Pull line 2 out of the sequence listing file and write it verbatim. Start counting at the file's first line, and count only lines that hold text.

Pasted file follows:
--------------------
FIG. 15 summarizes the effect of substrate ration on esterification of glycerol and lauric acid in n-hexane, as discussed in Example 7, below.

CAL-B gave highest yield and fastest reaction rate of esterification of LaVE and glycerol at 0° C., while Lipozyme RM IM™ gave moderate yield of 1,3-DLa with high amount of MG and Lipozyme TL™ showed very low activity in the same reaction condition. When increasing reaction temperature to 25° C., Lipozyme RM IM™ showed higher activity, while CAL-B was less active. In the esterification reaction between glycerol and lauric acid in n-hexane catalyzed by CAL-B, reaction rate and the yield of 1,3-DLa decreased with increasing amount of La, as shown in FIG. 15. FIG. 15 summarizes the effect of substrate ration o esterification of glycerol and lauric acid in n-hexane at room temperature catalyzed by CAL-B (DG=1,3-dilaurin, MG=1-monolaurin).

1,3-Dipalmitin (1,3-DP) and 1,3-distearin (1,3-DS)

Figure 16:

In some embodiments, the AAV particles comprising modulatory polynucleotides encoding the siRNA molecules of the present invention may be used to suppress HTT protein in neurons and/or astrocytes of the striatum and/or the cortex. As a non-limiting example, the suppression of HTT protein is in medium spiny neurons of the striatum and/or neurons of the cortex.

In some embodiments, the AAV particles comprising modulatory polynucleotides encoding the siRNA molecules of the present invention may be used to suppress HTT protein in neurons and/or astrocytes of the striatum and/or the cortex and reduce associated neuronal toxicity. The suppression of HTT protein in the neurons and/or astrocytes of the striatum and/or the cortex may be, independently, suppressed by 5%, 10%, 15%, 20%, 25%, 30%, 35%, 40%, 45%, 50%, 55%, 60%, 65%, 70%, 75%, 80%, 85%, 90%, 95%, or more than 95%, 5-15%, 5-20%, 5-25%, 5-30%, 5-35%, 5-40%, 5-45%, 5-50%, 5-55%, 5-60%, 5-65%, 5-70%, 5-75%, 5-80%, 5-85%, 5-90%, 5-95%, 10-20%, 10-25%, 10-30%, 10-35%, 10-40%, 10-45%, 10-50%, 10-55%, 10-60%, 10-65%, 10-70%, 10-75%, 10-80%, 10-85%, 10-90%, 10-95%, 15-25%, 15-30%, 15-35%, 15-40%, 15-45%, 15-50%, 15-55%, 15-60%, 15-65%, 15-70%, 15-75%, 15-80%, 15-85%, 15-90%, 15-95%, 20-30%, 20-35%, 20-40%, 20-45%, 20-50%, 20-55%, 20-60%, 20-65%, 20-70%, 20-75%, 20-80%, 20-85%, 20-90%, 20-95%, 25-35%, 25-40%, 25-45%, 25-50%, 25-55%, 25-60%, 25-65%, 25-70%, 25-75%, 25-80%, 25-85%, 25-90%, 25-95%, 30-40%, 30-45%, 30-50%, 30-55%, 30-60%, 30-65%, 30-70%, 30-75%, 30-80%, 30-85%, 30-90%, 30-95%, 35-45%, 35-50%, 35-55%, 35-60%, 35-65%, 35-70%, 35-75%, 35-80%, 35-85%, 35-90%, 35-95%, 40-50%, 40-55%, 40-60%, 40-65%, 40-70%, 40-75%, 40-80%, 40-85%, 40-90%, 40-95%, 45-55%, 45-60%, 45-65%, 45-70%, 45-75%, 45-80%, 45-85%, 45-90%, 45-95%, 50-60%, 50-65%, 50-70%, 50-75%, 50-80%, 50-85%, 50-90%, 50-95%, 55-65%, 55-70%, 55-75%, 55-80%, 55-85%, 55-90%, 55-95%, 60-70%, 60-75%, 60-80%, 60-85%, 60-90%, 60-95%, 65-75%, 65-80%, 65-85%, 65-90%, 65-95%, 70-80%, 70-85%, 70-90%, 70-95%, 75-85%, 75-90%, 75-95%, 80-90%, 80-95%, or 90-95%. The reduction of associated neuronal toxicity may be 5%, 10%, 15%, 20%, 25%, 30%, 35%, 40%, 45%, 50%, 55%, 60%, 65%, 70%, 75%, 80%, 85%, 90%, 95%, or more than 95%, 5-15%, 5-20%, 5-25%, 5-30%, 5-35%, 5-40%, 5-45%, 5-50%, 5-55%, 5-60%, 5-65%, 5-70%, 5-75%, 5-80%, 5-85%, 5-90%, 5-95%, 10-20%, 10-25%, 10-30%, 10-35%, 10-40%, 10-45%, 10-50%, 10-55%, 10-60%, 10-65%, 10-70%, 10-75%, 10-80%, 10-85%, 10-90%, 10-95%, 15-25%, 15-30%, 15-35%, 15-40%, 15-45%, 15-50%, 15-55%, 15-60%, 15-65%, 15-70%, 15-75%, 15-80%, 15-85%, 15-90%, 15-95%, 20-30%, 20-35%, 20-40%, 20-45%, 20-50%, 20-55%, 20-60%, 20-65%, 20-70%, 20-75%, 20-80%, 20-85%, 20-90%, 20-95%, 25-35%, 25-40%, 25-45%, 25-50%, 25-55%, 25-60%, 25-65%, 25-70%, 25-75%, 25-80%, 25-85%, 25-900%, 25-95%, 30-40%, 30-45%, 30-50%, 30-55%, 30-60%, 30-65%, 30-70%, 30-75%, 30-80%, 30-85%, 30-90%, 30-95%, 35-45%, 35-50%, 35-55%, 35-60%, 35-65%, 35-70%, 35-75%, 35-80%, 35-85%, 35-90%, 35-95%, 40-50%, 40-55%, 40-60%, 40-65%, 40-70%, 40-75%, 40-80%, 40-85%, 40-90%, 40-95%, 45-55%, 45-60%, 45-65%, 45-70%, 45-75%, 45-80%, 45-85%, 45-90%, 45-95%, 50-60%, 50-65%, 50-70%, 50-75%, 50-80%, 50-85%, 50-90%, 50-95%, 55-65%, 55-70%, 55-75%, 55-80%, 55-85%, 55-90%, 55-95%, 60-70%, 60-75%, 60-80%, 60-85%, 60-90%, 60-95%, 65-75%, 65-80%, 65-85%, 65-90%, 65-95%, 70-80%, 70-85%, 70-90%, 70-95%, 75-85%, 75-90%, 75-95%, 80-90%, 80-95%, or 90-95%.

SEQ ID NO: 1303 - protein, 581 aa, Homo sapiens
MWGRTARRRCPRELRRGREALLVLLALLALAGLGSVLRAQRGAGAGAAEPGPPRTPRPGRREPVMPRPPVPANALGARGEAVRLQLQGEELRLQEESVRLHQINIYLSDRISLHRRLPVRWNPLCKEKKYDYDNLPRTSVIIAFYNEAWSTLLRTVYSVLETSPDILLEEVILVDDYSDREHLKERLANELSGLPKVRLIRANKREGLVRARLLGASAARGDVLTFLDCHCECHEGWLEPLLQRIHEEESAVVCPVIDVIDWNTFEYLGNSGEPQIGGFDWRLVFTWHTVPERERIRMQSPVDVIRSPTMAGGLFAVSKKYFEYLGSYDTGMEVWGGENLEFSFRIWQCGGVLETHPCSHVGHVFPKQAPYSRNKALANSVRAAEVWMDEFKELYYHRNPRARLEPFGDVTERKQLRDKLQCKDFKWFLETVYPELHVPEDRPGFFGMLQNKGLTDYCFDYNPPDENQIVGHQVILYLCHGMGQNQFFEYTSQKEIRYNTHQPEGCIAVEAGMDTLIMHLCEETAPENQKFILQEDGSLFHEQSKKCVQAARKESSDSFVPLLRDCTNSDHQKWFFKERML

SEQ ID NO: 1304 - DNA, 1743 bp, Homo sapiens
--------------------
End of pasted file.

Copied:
CAL-B gave highest yield and fastest reaction rate of esterification of LaVE and glycerol at 0° C., while Lipozyme RM IM™ gave moderate yield of 1,3-DLa with high amount of MG and Lipozyme TL™ showed very low activity in the same reaction condition. When increasing reaction temperature to 25° C., Lipozyme RM IM™ showed higher activity, while CAL-B was less active. In the esterification reaction between glycerol and lauric acid in n-hexane catalyzed by CAL-B, reaction rate and the yield of 1,3-DLa decreased with increasing amount of La, as shown in FIG. 15. FIG. 15 summarizes the effect of substrate ration o esterification of glycerol and lauric acid in n-hexane at room temperature catalyzed by CAL-B (DG=1,3-dilaurin, MG=1-monolaurin).